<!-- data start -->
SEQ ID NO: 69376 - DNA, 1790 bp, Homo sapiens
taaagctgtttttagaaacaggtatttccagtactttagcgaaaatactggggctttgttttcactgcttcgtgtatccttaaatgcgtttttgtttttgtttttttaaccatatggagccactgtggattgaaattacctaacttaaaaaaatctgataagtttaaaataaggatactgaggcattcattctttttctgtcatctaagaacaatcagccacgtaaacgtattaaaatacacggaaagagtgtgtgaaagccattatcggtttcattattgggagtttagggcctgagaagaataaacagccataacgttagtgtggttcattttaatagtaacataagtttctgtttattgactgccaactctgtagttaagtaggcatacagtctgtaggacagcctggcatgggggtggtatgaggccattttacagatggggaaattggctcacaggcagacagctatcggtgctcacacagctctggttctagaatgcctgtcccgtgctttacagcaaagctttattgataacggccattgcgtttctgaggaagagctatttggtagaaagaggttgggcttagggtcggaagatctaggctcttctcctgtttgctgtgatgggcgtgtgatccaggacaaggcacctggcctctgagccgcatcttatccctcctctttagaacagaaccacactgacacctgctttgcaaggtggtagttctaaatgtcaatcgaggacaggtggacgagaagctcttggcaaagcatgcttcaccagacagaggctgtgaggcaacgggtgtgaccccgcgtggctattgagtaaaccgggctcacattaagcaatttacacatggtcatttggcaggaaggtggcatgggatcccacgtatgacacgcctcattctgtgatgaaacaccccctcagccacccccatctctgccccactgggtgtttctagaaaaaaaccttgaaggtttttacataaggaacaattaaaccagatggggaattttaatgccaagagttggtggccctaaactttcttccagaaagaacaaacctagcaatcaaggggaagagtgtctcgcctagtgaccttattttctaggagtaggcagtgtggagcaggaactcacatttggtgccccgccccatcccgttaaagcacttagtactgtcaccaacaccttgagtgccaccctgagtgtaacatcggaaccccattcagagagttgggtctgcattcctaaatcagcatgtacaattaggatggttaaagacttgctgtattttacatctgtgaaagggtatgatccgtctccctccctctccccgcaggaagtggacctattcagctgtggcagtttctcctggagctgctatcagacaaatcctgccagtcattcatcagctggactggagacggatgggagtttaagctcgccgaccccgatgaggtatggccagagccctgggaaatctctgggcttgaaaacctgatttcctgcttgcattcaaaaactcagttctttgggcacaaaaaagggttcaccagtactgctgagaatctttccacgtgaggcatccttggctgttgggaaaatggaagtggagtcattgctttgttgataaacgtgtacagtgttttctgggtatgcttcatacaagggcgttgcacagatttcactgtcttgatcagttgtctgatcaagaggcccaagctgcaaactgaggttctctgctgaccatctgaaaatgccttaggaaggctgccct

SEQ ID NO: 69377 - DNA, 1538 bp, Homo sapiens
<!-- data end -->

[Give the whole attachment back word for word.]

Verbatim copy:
SEQ ID NO: 69376 - DNA, 1790 bp, Homo sapiens
taaagctgtttttagaaacaggtatttccagtactttagcgaaaatactggggctttgttttcactgcttcgtgtatccttaaatgcgtttttgtttttgtttttttaaccatatggagccactgtggattgaaattacctaacttaaaaaaatctgataagtttaaaataaggatactgaggcattcattctttttctgtcatctaagaacaatcagccacgtaaacgtattaaaatacacggaaagagtgtgtgaaagccattatcggtttcattattgggagtttagggcctgagaagaataaacagccataacgttagtgtggttcattttaatagtaacataagtttctgtttattgactgccaactctgtagttaagtaggcatacagtctgtaggacagcctggcatgggggtggtatgaggccattttacagatggggaaattggctcacaggcagacagctatcggtgctcacacagctctggttctagaatgcctgtcccgtgctttacagcaaagctttattgataacggccattgcgtttctgaggaagagctatttggtagaaagaggttgggcttagggtcggaagatctaggctcttctcctgtttgctgtgatgggcgtgtgatccaggacaaggcacctggcctctgagccgcatcttatccctcctctttagaacagaaccacactgacacctgctttgcaaggtggtagttctaaatgtcaatcgaggacaggtggacgagaagctcttggcaaagcatgcttcaccagacagaggctgtgaggcaacgggtgtgaccccgcgtggctattgagtaaaccgggctcacattaagcaatttacacatggtcatttggcaggaaggtggcatgggatcccacgtatgacacgcctcattctgtgatgaaacaccccctcagccacccccatctctgccccactgggtgtttctagaaaaaaaccttgaaggtttttacataaggaacaattaaaccagatggggaattttaatgccaagagttggtggccctaaactttcttccagaaagaacaaacctagcaatcaaggggaagagtgtctcgcctagtgaccttattttctaggagtaggcagtgtggagcaggaactcacatttggtgccccgccccatcccgttaaagcacttagtactgtcaccaacaccttgagtgccaccctgagtgtaacatcggaaccccattcagagagttgggtctgcattcctaaatcagcatgtacaattaggatggttaaagacttgctgtattttacatctgtgaaagggtatgatccgtctccctccctctccccgcaggaagtggacctattcagctgtggcagtttctcctggagctgctatcagacaaatcctgccagtcattcatcagctggactggagacggatgggagtttaagctcgccgaccccgatgaggtatggccagagccctgggaaatctctgggcttgaaaacctgatttcctgcttgcattcaaaaactcagttctttgggcacaaaaaagggttcaccagtactgctgagaatctttccacgtgaggcatccttggctgttgggaaaatggaagtggagtcattgctttgttgataaacgtgtacagtgttttctgggtatgcttcatacaagggcgttgcacagatttcactgtcttgatcagttgtctgatcaagaggcccaagctgcaaactgaggttctctgctgaccatctgaaaatgccttaggaaggctgccct

SEQ ID NO: 69377 - DNA, 1538 bp, Homo sapiens